I made what feels like an important discovery a couple of days ago. It relates to a central claim of the Course. The Course describes a psychological dynamic that is central to its thought system but hard to find elsewhere. This is the sin-guilt-fear dynamic, in which we first believe we have sinned (by attacking someone else). Then we feel guilty, which means we think there is a stain at the core of our being, making us deserving punishment. Then we fear that punishment coming to us.
This dynamic is central to the Course’s account of the physical world, for this is why the world is so attacking—it has been dreamt from this place in our minds, the place that says “I have got it coming to me.” This is evidenced in the near-universal belief that God is working through the negative events of our lives to bring to us our just deserts.
What has nagged at me for years about this dynamic is this: It is given huge significance in the Course, yet you can barely find it anywhere else, and where I have found it (for instance, in psychoanalytic writings), it is one small dynamic among others, hardly the responsible-for-everything-we-see monstrosity that it is in the Course. Indeed, I’ve never been very successful at finding it in myself. I’ve caught sight of it in bits here and there, but that’s about it. It’s like Bigfoot—there are the occasional sightings and footprints, and that brief, shaky film, but not enough to assure you that it is really there.
You can see why this has been bugging me. The Course seems to me to be going way out on a limb here with a very large and weighty theory. Can that limb support the weight?
This brings me to what I discovered the other day. I feel like I located this dynamic in myself, in just the kind of size the Course would suggest. Here’s how it goes. See if you can find it in yourself.
First, there is a constant observer in me saying, “I’m doing something wrong.” Variations on this include, “I’m not doing it right.” “I ought to be doing it better.” “That’s OK, but I should be doing it more perfectly.” This is not frequent; it is constant. It’s a background hum that just goes on all the time.
It criticizes what I do from any and every angle. But it is probably centered on what I call failure to love. Indeed, most of the criticism seems to trace back to that. For instance, “I could use my time better, which means I am not being sufficiently responsible to others, which stems from my failure to love.”
Second, there is a quieter voice which says, “Something is wrong with me.” This is the direct result of the first statement, “I’m doing something wrong.” The wrong thing I’m doing, in other words, is direct evidence of a wrongness in me. My identity is flawed, warped, tainted. After all, why would I be doing something wrong unless that wrongness came from something in me?
Finally, there is an even quieter voice which says, “And I fear the penalty.” The previous statement “there is something wrong with me” implies I don’t deserve to be happy. Rather, I deserve to suffer. The fact that I am warped means I deserve a warped experience. That I am tainted means I deserve a tainted experience. More specifically, it means I should pay for what’s wrong with me. And then, quite naturally, I should fear that penalty. It’s on its way, so in anticipation of that, I should feel fear.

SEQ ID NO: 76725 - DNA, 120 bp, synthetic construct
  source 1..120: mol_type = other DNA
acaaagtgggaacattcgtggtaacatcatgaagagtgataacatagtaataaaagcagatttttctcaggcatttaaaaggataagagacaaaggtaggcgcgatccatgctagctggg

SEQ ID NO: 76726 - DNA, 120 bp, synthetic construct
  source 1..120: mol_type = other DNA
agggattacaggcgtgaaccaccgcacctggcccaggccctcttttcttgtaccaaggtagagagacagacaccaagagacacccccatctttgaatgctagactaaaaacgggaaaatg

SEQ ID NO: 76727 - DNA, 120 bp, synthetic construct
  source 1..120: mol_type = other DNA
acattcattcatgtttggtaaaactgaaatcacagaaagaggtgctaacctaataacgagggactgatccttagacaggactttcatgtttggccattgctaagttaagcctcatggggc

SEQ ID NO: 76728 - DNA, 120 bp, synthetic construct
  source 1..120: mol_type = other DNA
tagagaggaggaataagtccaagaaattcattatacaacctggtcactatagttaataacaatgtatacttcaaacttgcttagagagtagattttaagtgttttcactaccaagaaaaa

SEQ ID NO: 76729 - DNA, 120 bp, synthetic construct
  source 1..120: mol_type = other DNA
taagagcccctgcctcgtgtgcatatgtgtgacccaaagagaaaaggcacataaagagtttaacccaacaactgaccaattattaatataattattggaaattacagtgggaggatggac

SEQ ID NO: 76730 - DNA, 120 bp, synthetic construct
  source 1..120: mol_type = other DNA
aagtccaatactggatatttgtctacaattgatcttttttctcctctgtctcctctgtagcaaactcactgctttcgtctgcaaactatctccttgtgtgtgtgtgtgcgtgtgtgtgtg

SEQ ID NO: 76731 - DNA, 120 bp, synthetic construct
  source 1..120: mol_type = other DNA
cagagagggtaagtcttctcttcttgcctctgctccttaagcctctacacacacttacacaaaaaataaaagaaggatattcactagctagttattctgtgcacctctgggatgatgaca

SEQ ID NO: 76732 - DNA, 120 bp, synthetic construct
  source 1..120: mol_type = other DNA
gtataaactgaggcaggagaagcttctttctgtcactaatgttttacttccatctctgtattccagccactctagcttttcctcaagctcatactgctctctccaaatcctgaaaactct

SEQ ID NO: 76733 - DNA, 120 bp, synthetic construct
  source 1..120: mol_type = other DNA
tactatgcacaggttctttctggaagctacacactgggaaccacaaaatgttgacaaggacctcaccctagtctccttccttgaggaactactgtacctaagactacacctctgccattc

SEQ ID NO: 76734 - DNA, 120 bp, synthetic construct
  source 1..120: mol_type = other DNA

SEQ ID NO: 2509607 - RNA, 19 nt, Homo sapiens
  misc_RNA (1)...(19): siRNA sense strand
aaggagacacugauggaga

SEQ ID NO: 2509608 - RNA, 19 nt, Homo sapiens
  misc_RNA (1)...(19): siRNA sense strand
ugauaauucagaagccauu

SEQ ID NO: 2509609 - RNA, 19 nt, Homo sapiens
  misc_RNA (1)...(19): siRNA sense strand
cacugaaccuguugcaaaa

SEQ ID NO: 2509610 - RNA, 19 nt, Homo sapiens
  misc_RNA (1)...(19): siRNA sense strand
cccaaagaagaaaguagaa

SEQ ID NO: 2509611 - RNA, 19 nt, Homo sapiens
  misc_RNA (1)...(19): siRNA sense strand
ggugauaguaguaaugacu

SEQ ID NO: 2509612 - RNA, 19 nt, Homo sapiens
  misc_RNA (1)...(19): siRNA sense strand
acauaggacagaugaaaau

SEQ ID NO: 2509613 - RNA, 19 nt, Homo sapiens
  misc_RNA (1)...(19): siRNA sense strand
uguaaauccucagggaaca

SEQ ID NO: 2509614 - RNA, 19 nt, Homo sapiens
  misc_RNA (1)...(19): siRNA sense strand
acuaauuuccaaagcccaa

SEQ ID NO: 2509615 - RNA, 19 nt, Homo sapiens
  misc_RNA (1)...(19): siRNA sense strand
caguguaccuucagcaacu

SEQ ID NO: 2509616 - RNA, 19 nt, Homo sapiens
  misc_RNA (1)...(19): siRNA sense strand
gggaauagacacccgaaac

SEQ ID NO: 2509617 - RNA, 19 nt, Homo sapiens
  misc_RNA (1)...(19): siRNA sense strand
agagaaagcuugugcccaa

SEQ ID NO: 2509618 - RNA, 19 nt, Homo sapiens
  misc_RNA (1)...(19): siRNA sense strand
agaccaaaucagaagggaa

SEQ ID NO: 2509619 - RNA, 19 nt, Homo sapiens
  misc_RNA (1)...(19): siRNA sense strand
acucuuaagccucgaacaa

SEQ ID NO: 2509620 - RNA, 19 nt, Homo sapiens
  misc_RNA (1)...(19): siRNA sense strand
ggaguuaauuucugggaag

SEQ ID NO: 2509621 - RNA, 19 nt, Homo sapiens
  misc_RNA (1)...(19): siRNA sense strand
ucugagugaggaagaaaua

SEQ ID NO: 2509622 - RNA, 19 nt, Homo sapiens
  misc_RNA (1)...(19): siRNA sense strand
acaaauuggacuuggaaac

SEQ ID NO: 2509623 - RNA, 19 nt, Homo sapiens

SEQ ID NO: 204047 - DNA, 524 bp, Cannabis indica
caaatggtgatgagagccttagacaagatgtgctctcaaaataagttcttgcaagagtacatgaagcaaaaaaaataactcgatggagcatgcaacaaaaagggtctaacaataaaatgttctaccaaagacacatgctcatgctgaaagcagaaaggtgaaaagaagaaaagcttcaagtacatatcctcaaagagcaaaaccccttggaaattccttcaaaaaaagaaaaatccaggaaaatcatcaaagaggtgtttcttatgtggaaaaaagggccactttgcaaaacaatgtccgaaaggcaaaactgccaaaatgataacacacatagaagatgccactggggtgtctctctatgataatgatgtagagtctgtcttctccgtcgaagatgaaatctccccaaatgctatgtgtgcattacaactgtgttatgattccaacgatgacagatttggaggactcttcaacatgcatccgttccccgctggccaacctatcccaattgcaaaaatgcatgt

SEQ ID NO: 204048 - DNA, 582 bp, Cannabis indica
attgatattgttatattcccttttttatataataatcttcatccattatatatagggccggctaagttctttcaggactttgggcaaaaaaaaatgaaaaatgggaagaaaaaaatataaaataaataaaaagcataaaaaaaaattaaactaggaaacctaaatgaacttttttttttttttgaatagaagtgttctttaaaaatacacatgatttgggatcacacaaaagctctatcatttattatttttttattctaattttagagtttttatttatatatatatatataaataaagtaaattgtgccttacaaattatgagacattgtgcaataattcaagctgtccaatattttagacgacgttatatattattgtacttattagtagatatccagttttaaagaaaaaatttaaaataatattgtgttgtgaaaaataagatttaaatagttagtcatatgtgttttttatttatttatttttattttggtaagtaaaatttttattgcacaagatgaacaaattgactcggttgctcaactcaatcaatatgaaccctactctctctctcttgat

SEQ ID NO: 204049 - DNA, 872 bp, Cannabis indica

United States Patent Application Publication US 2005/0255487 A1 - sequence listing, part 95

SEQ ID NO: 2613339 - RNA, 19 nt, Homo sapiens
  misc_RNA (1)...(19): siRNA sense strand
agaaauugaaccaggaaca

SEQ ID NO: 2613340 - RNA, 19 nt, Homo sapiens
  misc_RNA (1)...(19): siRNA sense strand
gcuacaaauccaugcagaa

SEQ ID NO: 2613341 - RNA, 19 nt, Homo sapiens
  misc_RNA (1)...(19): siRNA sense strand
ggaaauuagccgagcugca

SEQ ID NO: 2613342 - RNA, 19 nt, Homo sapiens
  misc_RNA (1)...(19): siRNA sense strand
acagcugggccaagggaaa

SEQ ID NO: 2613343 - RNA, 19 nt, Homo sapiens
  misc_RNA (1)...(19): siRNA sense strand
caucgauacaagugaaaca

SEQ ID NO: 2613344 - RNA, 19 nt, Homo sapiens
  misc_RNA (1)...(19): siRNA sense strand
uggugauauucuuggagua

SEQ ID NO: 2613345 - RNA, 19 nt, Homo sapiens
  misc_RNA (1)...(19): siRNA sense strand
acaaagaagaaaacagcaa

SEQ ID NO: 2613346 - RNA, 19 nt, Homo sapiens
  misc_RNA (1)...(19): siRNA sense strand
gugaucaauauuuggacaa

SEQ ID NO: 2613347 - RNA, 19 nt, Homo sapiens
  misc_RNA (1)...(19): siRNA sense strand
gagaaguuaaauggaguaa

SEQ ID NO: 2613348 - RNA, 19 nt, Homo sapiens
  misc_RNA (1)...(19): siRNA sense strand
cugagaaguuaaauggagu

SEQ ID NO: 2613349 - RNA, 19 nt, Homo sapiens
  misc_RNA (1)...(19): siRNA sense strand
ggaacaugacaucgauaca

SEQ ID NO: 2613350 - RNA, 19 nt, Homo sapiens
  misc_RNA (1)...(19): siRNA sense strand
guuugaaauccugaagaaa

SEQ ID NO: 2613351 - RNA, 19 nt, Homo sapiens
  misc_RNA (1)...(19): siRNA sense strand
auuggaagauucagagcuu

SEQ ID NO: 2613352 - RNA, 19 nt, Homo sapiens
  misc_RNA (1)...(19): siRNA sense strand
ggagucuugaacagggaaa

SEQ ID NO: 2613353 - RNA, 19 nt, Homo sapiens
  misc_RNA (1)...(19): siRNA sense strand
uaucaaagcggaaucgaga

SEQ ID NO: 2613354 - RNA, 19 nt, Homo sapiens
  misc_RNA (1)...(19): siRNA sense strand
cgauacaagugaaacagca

The result is a subtle sense of a shadow cast over my life, my day, my experience, a shadow cast by the wrongness in me. This shadow says “everything has been tainted by the wrong in you.” It says, “some kind of penalty is on the way for the wrong in you.”
And the result is that I’m anxious. By this point, it probably sounds like I live in terror. You probably know that this isn’t true, and it isn’t. I am a pretty calm person. I have a basic trust in life. And yet there is this low-level anxiety that is always there. Now I think I understand that anxiety much better. It’s composed of these three statements:
I am doing something wrong.
There is something wrong with me.
And I fear the penalty.
This process is just humming along, underneath and behind everything else that is going on. It is so subtle that I haven’t noticed it before. Like I said, the second statement is quieter, and the third statement is quieter still. So it’s been very easy to overlook. “OK, so I’m a bit anxious. I’m not sure exactly why but I’d sure like to get over it.” It’s been easy to see no further than that.
The great thing about noticing this and seeing it very plainly at work in me is that I feel like I can to some degree turn it off. Here’s what I’ve been telling myself:
I am just making a mistake.
There is nothing wrong with me.
I am free of penalty.
The key is that second statement. I’m drawing on the Course idea, of course, that even if my thoughts and actions are flawed, that doesn’t affect my fundamental nature. My personality may be my own construct, and thus saturated with error, but my being is God’s creation, and thus impervious to anything I do.
Because I can now see those three statements actually in me, not just as abstract ideas, when I say to myself now, “There is nothing wrong with me,” it has quite an effect. I feel that whole sense of anxiety momentarily drop away. Everything, at least for a brief time, feels OK, even bright and clear. I feel surprisingly free. Of course, when I turn back to what I was doing, the hum resumes. It is so entrenched that it is the default setting. But this gives me hope that with more practice, I could actually turn it off, and therefore live free of anxiety. Which would really be something.